Sunday, June 7, 2020

Vintage 1950s Food

My aunt lived in Manhattan, N.Y. Every month my mother would ship off  my brother and me to visit her for the weekend.  When Saturday rolled rounded, we walked with her to the fresh fish market and she bought fresh oysters for this oyster stew.  Ah...memories!

Oyster Stew

1/4 cup butter or margarine                   1-quart raw oysters or 2 pkg.
Dash of pepper                                              frozen oysters
1 teaspoon Worcestershire sauce         1-1/2 quarts milk
Dash paprika                                         1-1/2 teaspoon salt

Melt butter in a deep pan. Add Worcestershire sauce and paprika, stir until smooth. Add oysters and oyster liquid, cook over low heat until edges of oysters curl.  Add milk, salt, and pepper, heat thoroughly over low heat but do not boil. Makes 6 servings

Saturday, May 30, 2020

Vintage 1950s Women's Fashion

Halter Top

          Most summer tops were blouses, often in cotton, with no sleeves. The Halter Blouse/top was a summer favorite throughout the 1950s. These often came in loud floral prints, bold colorful checks. They could have two thick straps that tied or buttoned in the back or slid behind the neck. Some had a zipper down the back or side. Other halter tops styles had a very low back.  They were modest in front, and immodest in back, which was acceptable.

          Another summer top was the spaghetti strap top. The thickness of the straps varied year to year. Another popular style for the hot summer days and night. The halter top style was also popular in dresses.

Saturday, May 23, 2020

Vintage 1950s Men's Fashion

Letterman Sweaters

        On high school and college campuses (worn by post-college age men as well), the letterman cardigan sweater or V-neck pullover called an “Award Sweater,” “Letter Sweater” or “Varsity Sweater” was an athletic man’s uniform. The large felt white or gold block letter on the left side represented the school name. Additional letters, stripes, and symbols were sewn onto varsity sweaters or varsity jackets to specify the sport, year, or position on the team.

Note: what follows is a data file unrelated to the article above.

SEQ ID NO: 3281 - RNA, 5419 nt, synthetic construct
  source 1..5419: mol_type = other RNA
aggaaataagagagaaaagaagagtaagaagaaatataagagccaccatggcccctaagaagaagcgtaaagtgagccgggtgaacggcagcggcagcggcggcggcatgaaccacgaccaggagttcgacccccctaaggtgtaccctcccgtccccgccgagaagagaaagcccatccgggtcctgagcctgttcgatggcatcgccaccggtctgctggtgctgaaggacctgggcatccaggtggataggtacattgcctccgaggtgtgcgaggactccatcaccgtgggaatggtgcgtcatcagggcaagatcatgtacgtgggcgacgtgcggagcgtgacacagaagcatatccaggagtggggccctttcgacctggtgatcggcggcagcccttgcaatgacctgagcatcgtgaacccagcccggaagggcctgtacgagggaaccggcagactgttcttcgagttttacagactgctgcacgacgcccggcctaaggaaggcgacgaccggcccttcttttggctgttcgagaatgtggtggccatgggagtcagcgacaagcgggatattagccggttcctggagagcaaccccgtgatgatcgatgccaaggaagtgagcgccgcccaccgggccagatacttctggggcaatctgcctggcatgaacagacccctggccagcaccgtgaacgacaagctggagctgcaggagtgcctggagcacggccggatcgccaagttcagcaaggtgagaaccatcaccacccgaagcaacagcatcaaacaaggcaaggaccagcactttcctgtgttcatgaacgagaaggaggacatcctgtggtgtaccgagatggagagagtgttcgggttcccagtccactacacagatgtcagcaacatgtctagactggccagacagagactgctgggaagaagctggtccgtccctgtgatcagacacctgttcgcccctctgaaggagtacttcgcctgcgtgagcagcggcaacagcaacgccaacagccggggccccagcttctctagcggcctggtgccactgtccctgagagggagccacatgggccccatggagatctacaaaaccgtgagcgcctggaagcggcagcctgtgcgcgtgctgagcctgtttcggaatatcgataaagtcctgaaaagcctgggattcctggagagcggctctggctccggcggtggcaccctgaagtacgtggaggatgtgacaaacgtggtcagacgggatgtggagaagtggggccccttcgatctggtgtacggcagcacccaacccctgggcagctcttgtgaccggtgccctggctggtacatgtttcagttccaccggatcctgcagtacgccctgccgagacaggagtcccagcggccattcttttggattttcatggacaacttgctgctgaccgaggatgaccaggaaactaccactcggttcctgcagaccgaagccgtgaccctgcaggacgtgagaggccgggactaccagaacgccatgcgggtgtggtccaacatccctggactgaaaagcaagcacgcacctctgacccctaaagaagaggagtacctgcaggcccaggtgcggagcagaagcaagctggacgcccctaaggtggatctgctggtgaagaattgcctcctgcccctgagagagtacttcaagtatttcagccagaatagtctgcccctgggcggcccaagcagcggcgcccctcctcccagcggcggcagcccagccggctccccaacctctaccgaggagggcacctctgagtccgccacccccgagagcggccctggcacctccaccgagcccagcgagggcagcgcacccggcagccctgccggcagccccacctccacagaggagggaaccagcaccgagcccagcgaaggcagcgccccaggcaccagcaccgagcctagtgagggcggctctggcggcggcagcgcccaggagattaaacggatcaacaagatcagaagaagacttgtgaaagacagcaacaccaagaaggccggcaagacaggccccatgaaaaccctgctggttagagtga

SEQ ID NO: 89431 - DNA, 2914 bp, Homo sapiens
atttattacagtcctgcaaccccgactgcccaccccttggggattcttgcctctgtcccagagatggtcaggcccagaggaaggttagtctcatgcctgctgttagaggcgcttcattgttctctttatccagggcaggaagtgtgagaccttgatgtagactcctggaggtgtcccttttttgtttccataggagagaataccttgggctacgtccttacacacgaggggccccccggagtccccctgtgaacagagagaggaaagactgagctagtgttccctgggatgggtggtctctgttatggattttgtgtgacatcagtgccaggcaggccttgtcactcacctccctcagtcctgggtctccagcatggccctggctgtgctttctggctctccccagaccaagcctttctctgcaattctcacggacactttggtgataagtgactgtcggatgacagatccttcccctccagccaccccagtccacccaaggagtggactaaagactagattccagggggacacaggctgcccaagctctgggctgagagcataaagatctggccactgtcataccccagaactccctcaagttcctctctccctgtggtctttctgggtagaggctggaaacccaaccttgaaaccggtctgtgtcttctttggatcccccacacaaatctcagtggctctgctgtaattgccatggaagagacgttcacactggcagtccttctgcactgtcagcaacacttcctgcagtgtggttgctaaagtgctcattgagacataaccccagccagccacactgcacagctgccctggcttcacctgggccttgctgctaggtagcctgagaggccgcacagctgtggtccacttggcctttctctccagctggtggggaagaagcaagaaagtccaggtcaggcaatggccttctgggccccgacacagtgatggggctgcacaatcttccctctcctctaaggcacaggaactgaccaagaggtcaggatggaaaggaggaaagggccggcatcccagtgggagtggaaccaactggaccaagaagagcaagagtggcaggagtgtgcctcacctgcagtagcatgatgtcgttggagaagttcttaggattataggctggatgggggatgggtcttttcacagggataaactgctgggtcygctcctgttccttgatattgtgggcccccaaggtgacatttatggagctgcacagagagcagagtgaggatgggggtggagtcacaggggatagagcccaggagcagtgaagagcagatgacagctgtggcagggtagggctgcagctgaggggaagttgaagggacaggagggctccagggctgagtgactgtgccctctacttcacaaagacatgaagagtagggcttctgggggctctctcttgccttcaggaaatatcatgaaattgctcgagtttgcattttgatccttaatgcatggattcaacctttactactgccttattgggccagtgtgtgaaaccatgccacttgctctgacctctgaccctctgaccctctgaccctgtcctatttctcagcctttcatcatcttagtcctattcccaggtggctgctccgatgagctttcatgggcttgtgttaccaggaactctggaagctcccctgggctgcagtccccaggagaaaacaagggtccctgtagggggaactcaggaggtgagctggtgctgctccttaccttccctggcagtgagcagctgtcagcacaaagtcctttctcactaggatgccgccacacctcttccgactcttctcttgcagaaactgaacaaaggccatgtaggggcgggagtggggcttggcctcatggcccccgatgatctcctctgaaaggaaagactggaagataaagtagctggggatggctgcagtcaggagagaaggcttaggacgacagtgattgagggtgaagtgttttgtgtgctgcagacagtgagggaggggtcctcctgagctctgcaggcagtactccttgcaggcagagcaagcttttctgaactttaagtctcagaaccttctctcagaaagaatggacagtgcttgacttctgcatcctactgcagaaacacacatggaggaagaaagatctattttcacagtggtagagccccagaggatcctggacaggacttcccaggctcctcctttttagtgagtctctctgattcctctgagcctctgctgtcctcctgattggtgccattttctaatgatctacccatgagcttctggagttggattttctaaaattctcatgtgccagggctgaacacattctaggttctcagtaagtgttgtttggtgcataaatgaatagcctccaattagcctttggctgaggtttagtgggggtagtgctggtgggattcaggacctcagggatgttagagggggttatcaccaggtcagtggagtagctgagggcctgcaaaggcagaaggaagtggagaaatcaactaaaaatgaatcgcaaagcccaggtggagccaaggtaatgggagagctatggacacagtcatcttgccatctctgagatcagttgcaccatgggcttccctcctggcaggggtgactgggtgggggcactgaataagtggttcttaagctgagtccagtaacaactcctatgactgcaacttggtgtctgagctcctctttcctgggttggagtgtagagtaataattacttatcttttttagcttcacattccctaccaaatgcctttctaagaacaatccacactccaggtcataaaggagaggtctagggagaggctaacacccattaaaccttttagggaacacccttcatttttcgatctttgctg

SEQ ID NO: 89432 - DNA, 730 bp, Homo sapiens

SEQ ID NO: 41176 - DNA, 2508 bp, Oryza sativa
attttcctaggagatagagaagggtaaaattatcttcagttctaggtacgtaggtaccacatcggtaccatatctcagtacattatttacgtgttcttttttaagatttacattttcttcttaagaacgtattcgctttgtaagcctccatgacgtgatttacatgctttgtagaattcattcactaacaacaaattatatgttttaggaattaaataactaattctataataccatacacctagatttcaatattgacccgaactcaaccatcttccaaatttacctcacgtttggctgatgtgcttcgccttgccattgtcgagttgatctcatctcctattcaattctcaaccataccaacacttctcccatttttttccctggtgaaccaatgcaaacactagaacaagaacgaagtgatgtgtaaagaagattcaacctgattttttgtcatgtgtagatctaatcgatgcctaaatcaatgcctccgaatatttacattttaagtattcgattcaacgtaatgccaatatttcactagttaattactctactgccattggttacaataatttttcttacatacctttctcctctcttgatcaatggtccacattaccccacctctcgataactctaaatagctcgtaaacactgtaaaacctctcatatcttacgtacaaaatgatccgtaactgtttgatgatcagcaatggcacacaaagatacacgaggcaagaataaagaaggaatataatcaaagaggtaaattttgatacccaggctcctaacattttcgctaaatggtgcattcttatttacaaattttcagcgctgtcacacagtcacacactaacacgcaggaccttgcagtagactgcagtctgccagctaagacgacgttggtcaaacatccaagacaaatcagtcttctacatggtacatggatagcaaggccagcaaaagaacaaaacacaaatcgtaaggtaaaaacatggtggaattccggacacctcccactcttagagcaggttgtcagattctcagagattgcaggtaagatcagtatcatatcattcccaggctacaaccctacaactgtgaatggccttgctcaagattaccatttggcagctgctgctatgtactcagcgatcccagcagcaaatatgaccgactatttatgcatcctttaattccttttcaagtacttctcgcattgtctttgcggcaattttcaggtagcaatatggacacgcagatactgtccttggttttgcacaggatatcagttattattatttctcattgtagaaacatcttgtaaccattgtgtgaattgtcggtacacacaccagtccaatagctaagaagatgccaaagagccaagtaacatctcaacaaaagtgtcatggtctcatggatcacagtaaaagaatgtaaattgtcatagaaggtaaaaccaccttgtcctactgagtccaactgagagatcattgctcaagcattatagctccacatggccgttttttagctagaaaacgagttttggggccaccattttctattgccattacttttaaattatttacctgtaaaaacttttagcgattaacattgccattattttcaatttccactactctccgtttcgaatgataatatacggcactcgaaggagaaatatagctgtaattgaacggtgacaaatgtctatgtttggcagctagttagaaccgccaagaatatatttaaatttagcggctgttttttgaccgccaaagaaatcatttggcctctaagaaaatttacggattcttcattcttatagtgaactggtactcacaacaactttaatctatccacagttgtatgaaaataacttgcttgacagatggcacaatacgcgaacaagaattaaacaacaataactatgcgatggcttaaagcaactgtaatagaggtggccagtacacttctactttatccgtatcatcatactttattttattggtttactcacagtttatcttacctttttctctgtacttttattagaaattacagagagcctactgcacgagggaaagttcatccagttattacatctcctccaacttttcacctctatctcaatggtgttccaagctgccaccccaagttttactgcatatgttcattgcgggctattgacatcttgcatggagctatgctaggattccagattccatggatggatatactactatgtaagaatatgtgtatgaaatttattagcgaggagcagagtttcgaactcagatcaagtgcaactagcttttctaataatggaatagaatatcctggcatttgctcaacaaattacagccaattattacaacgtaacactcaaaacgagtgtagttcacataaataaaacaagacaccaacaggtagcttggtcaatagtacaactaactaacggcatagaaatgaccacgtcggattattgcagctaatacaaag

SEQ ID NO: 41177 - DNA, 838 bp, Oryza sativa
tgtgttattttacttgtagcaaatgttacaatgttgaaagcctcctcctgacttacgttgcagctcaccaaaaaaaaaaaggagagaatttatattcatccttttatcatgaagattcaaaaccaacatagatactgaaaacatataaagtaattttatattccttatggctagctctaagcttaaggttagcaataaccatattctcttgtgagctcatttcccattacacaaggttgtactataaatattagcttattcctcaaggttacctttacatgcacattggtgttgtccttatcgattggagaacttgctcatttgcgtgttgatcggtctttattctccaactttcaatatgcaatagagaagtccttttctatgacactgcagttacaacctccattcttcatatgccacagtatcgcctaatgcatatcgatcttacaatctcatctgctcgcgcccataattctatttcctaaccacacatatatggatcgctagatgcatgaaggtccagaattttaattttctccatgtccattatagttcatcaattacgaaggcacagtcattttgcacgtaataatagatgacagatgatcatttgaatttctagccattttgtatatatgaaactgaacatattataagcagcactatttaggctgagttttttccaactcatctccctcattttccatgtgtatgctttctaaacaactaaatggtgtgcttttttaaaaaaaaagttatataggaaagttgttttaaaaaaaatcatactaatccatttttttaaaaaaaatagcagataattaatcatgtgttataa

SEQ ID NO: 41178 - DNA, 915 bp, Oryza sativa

Letterman sweaters were a symbol of social rank in school and a nod to the past for grown men. They have become an icon for 1950s fashion thanks to many movies such as GREASE, about life in 1950s high schools. 

Sunday, May 17, 2020

Vintage 1950s Cars

The Packard Caribbean

The Packard Caribbean was a personal luxury car produced by the Packard Motor Car Company of Detroit, Michigan from 1953 through 1956. It was produced only as a convertible from 1953 to 1955, a hardtop model was added in its final year of 1956.

          The Caribbean line was equipped with a V8 engine and the car was available in two or three-tone paint patterns. Designer Richard Teague succeeded in restyling the old Packard Senior body into a sensational, modern-looking design. Production for 1955 stood at only 500 units.

          For 1956, trim differences between the 1955 and 1956 cars were slight. Total model year production equaled 263 hardtops and 276 convertibles. The model was discontinued when Packard production ended in Detroit.

          It competed head-to-head with Cadillac at one time. The boldly designed Packard offered a wraparound windshield, large tail lamps, lavish interior appointments, and an aircraft-inspired instrument panel.

          One was offered for sale at the St. John's auction presented by RM Auctions in 2012. The car was estimated to sell for $70,000-$90,000. As bidding came to a close, that particular car was sold for the sum of $41,250 including the buyer's premium.